Population development
Year 1372 1772 1816 1834 1851 1881 1897 1925 1959 1989 1996 2000 2005 2006 2007
Population 3,250 6,954 12,000 15,300 24,000 45,900 58,800 119,800 283,071 478,974 427,500 400,378 401,694 399,108 400,911

Economy

In addition to longtime functions as seaport and capital city, Tallinn has seen development of an information technology sector in recent years; in its 13 December 2005, edition, The New York Times characterized Estonia as "a sort of Silicon Valley on the Baltic Sea." One of Tallinn's sister cities is the Silicon Valley town of Los Gatos, California. Skype is one of the best-known of several Tallinn IT start-ups, and a first venture capital firm was founded in 2005.[citation needed] Many are housed in the Soviet-era Institute of Cybernetics, which is said to be one of the seeds for Estonian adoption of computing technology. Despite this, the most important economic sectors of Tallinn are the light, textile, and food industry, as well as the service and government sector. There is a small fleet of ocean going-trawlers that operate out of Tallinn.[22]

Estonian Air has its headquarters in Tallinn.[23]

Education

Institutions of higher education and science include:

Tourism

Alexander Nevsky Cathedral built in 1894–1900.

Since independence, improving air and sea transport links with Western Europe and Estonia's accession to the European Union have made Tallinn easily accessible to tourists.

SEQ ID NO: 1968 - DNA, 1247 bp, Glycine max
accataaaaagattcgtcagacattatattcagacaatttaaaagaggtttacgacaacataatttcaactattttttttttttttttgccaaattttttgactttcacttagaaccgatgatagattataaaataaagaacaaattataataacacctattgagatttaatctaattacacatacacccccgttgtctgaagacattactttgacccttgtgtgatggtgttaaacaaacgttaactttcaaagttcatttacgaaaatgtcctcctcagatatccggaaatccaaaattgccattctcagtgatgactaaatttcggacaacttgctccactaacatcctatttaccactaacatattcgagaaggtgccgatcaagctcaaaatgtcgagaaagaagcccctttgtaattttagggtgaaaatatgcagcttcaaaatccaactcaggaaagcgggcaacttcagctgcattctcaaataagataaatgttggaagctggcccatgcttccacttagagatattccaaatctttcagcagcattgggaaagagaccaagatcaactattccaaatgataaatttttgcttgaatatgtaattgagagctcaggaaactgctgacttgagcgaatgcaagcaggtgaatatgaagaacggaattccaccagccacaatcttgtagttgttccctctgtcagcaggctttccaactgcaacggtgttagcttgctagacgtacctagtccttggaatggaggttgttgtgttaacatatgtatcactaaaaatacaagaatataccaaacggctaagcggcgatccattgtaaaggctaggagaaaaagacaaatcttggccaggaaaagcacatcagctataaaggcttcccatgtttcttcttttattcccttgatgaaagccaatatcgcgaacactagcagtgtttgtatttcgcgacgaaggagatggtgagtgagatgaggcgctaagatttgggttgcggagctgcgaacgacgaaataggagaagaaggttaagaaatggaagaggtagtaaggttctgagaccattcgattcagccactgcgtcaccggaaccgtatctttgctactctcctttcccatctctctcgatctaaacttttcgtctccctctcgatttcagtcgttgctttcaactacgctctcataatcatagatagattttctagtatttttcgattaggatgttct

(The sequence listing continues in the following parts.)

Estonia has made rapid economic progress since independence and this is reflected in local prices.[citation needed] Although not extortionate, neither are prices as cheap as in other former Eastern Bloc countries.

St. Catherine's Passage

The main attractions are in the two old towns (Lower Town and Toompea) which are both easily explored on foot. Eastern districts around Pirita and Kadriorg are also worth visiting and the Estonian Open Air Museum (Eesti Vabaõhumuuseum) in Rocca al Mare, west of the city, preserves aspects of Estonian rural culture and architecture.

Toompea – Upper Town

This area was once a separate town (Dom zu Reval), the residence of the Chivalry of Estonia, Roman Catholic bishops of Tallinn (until 1561) and Lutheran superintendents of Estonia, occupying an easily defensible site overlooking the surrounding districts. The major attractions are the walls and various bastions of Castrum Danorum, the Russian Orthodox Alexander Nevsky Cathedral (built during the period of Russian Empire, the church was built on a site that formerly housed a statue of Martin Luther) and the Lutheran Cathedral (Toomkirik) and the old Estonian Royal Palace now the Parliament building.